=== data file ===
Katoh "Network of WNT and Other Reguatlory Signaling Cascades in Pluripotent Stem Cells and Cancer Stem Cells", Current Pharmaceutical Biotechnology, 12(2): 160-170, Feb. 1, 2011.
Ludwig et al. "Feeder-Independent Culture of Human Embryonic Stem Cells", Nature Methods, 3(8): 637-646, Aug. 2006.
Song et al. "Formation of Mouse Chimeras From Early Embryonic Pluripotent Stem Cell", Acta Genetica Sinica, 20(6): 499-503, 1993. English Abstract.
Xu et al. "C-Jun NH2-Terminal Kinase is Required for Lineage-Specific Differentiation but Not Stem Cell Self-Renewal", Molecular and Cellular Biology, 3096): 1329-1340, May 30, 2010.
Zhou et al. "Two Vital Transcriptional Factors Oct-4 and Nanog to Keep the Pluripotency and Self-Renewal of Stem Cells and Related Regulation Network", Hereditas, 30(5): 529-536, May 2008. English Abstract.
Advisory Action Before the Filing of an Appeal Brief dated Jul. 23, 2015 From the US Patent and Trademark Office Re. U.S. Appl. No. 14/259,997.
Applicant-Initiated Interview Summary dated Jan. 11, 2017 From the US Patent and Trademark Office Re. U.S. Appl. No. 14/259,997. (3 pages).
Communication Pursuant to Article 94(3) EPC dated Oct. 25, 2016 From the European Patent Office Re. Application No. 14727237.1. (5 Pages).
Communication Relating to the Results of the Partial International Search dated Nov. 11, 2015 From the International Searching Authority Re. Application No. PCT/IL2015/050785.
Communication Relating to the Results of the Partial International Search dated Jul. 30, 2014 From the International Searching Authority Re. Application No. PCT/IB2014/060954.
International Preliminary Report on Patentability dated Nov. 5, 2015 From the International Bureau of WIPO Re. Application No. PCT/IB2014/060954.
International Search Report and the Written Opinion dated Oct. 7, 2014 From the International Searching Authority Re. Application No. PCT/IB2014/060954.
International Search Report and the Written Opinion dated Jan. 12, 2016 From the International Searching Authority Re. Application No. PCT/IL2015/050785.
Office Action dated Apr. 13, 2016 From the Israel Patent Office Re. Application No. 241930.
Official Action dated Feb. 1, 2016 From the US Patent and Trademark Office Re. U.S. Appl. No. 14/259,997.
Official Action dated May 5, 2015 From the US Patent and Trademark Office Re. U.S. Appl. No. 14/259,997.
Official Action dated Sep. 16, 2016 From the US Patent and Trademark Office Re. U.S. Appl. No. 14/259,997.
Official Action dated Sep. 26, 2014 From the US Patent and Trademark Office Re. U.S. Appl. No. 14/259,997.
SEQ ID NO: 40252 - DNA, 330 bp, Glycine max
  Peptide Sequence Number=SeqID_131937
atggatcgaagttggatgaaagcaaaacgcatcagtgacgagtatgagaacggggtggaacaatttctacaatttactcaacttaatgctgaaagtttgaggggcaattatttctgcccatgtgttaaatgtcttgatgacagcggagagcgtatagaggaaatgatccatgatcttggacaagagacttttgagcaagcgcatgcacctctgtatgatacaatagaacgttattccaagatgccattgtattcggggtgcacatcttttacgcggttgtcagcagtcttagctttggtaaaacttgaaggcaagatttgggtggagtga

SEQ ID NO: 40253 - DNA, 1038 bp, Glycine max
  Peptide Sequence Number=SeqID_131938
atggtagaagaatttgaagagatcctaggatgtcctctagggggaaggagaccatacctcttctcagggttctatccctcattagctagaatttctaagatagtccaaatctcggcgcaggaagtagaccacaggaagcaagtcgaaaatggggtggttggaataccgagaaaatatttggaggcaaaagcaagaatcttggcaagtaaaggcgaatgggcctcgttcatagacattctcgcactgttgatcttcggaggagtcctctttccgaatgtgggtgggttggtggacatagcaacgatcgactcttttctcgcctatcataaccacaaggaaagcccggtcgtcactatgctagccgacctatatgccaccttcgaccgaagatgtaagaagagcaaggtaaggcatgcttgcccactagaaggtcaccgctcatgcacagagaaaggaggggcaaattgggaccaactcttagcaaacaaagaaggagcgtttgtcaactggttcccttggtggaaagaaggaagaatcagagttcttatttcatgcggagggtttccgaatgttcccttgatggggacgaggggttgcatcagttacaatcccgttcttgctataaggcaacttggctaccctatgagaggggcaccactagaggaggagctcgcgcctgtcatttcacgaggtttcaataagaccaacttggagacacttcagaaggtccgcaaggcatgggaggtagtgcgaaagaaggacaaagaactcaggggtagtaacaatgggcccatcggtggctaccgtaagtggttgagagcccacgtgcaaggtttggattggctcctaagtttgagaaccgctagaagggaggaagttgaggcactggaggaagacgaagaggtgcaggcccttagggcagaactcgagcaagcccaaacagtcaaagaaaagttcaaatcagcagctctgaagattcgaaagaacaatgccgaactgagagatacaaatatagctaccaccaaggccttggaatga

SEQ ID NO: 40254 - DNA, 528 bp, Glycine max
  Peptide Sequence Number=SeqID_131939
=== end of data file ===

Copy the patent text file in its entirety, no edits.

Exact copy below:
Katoh "Network of WNT and Other Reguatlory Signaling Cascades in Pluripotent Stem Cells and Cancer Stem Cells", Current Pharmaceutical Biotechnology, 12(2): 160-170, Feb. 1, 2011.
Ludwig et al. "Feeder-Independent Culture of Human Embryonic Stem Cells", Nature Methods, 3(8): 637-646, Aug. 2006.
Song et al. "Formation of Mouse Chimeras From Early Embryonic Pluripotent Stem Cell", Acta Genetica Sinica, 20(6): 499-503, 1993. English Abstract.
Xu et al. "C-Jun NH2-Terminal Kinase is Required for Lineage-Specific Differentiation but Not Stem Cell Self-Renewal", Molecular and Cellular Biology, 3096): 1329-1340, May 30, 2010.
Zhou et al. "Two Vital Transcriptional Factors Oct-4 and Nanog to Keep the Pluripotency and Self-Renewal of Stem Cells and Related Regulation Network", Hereditas, 30(5): 529-536, May 2008. English Abstract.
Advisory Action Before the Filing of an Appeal Brief dated Jul. 23, 2015 From the US Patent and Trademark Office Re. U.S. Appl. No. 14/259,997.
Applicant-Initiated Interview Summary dated Jan. 11, 2017 From the US Patent and Trademark Office Re. U.S. Appl. No. 14/259,997. (3 pages).
Communication Pursuant to Article 94(3) EPC dated Oct. 25, 2016 From the European Patent Office Re. Application No. 14727237.1. (5 Pages).
Communication Relating to the Results of the Partial International Search dated Nov. 11, 2015 From the International Searching Authority Re. Application No. PCT/IL2015/050785.
Communication Relating to the Results of the Partial International Search dated Jul. 30, 2014 From the International Searching Authority Re. Application No. PCT/IB2014/060954.
International Preliminary Report on Patentability dated Nov. 5, 2015 From the International Bureau of WIPO Re. Application No. PCT/IB2014/060954.
International Search Report and the Written Opinion dated Oct. 7, 2014 From the International Searching Authority Re. Application No. PCT/IB2014/060954.
International Search Report and the Written Opinion dated Jan. 12, 2016 From the International Searching Authority Re. Application No. PCT/IL2015/050785.
Office Action dated Apr. 13, 2016 From the Israel Patent Office Re. Application No. 241930.
Official Action dated Feb. 1, 2016 From the US Patent and Trademark Office Re. U.S. Appl. No. 14/259,997.
Official Action dated May 5, 2015 From the US Patent and Trademark Office Re. U.S. Appl. No. 14/259,997.
Official Action dated Sep. 16, 2016 From the US Patent and Trademark Office Re. U.S. Appl. No. 14/259,997.
Official Action dated Sep. 26, 2014 From the US Patent and Trademark Office Re. U.S. Appl. No. 14/259,997.
SEQ ID NO: 40252 - DNA, 330 bp, Glycine max
  Peptide Sequence Number=SeqID_131937
atggatcgaagttggatgaaagcaaaacgcatcagtgacgagtatgagaacggggtggaacaatttctacaatttactcaacttaatgctgaaagtttgaggggcaattatttctgcccatgtgttaaatgtcttgatgacagcggagagcgtatagaggaaatgatccatgatcttggacaagagacttttgagcaagcgcatgcacctctgtatgatacaatagaacgttattccaagatgccattgtattcggggtgcacatcttttacgcggttgtcagcagtcttagctttggtaaaacttgaaggcaagatttgggtggagtga

SEQ ID NO: 40253 - DNA, 1038 bp, Glycine max
  Peptide Sequence Number=SeqID_131938
atggtagaagaatttgaagagatcctaggatgtcctctagggggaaggagaccatacctcttctcagggttctatccctcattagctagaatttctaagatagtccaaatctcggcgcaggaagtagaccacaggaagcaagtcgaaaatggggtggttggaataccgagaaaatatttggaggcaaaagcaagaatcttggcaagtaaaggcgaatgggcctcgttcatagacattctcgcactgttgatcttcggaggagtcctctttccgaatgtgggtgggttggtggacatagcaacgatcgactcttttctcgcctatcataaccacaaggaaagcccggtcgtcactatgctagccgacctatatgccaccttcgaccgaagatgtaagaagagcaaggtaaggcatgcttgcccactagaaggtcaccgctcatgcacagagaaaggaggggcaaattgggaccaactcttagcaaacaaagaaggagcgtttgtcaactggttcccttggtggaaagaaggaagaatcagagttcttatttcatgcggagggtttccgaatgttcccttgatggggacgaggggttgcatcagttacaatcccgttcttgctataaggcaacttggctaccctatgagaggggcaccactagaggaggagctcgcgcctgtcatttcacgaggtttcaataagaccaacttggagacacttcagaaggtccgcaaggcatgggaggtagtgcgaaagaaggacaaagaactcaggggtagtaacaatgggcccatcggtggctaccgtaagtggttgagagcccacgtgcaaggtttggattggctcctaagtttgagaaccgctagaagggaggaagttgaggcactggaggaagacgaagaggtgcaggcccttagggcagaactcgagcaagcccaaacagtcaaagaaaagttcaaatcagcagctctgaagattcgaaagaacaatgccgaactgagagatacaaatatagctaccaccaaggccttggaatga

SEQ ID NO: 40254 - DNA, 528 bp, Glycine max
  Peptide Sequence Number=SeqID_131939